The fate of waste organic matter is very important, particularly at a time of concern about food supplies and soil fertility. When composted and returned to cultivation, organic matter provides multiple benefits. It locks carbon in soil; improves the structure and workability of soils (reducing the need for fossil fuels for plowing and tilling); improves water retention (irrigation is a heavy consumer of energy); displaces energy-intensive synthetic fertilizers; and results in more rapid plant growth (which takes CO2 out of the atmosphere). No industrial process can reproduce the complex composition of soil, which needs to be replenished with organic matter; yet incinerators and landfills interrupt this cycle, leading to long-term soil degradation.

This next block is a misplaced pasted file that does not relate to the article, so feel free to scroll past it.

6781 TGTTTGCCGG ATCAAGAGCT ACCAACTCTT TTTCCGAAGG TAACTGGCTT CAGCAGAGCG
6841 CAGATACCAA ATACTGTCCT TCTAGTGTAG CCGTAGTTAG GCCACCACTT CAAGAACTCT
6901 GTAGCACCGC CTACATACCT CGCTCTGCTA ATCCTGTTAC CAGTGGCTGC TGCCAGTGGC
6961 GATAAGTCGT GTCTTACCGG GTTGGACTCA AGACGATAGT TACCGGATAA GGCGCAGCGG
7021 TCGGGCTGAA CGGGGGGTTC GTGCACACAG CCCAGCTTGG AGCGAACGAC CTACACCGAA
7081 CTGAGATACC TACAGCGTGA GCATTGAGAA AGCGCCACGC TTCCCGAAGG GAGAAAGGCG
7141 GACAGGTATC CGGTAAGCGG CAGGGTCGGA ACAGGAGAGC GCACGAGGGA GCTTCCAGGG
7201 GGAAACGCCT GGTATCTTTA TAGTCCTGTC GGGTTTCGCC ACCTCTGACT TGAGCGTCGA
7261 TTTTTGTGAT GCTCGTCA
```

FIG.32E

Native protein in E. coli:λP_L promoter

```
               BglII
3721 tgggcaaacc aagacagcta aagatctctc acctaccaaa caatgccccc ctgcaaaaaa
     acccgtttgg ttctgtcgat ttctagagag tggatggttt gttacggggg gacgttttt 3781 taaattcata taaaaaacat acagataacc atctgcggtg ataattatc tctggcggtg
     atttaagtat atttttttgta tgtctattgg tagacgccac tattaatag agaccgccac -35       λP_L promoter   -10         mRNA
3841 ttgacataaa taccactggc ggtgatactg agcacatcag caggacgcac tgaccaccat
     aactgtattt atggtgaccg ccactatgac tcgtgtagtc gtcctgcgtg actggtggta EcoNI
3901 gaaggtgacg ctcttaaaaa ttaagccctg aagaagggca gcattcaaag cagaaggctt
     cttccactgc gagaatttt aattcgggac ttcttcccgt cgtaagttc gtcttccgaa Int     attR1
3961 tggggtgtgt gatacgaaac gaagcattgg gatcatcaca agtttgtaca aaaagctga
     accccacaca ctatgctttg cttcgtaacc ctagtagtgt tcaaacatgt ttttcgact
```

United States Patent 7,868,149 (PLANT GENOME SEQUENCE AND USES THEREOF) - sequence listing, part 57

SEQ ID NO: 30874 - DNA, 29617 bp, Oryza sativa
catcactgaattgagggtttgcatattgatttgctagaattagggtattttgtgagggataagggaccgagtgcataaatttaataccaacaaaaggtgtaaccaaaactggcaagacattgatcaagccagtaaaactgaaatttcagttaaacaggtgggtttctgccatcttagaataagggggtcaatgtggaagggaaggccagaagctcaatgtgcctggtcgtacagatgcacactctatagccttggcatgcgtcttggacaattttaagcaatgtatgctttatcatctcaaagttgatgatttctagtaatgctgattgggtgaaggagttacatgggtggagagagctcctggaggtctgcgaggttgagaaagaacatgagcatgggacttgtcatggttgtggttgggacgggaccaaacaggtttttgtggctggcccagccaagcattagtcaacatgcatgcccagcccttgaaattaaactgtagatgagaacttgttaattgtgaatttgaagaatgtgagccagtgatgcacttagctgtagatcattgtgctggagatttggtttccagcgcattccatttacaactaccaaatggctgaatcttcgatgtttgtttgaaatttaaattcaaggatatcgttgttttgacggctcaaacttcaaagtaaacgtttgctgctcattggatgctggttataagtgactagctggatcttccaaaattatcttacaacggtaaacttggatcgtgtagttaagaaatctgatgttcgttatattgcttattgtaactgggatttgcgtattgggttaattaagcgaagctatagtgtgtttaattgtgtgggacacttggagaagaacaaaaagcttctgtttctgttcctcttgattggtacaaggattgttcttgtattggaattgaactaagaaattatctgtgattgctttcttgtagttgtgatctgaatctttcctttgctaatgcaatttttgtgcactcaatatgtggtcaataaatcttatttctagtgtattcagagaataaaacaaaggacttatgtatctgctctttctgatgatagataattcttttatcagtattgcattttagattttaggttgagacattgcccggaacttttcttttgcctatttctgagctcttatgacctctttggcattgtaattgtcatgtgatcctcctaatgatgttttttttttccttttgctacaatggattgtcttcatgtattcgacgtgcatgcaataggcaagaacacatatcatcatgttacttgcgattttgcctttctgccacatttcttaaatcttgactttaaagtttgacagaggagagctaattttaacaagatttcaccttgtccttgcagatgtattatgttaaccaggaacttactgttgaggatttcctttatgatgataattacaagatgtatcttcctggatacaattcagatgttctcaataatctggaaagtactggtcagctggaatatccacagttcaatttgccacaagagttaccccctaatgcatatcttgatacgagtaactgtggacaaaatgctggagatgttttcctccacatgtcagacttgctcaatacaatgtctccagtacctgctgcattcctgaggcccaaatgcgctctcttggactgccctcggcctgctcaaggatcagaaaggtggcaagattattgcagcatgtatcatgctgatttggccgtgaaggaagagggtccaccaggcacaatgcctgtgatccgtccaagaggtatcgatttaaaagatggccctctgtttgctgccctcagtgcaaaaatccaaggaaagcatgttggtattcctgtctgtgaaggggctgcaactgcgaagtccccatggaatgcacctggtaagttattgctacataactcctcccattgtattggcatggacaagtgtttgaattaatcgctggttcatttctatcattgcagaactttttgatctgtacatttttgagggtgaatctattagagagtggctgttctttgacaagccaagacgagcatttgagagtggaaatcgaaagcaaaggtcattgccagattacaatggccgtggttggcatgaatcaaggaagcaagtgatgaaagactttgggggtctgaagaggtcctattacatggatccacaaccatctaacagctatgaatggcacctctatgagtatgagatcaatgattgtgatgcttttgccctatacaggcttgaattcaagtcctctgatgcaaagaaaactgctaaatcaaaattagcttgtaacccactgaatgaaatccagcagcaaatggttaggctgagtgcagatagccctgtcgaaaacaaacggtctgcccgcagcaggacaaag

When organic waste ends up in landfills, the organic content (such as paper and food scraps) putrefies, producing methane, a greenhouse gas many times more potent than carbon dioxide, especially in the short term.
The Solution: Zero Waste
A far better approach is known as Zero Waste, which aims to close the loop on all material used in the economy. Under Zero Waste, each element of a source-separated waste stream is subjected to minimal treatment so that it can be reused. Clean, source-separated organics (including kitchen discards) are composted or subject to anaerobic digestion; usable goods are repaired and re-used; other materials are recycled.
Besides saving resources and money, and generating more jobs for local communities, Zero Waste produces far less pollution than waste disposal techniques. It eliminates methane emissions from landfills by diverting organics; it eliminates greenhouse gas emissions from incinerators by closing them; it reduces greenhouse gas emissions from industry by replacing virgin materials with recycled materials; and it reduces greenhouse gas emissions from transport by generally keeping such materials close to the end-user.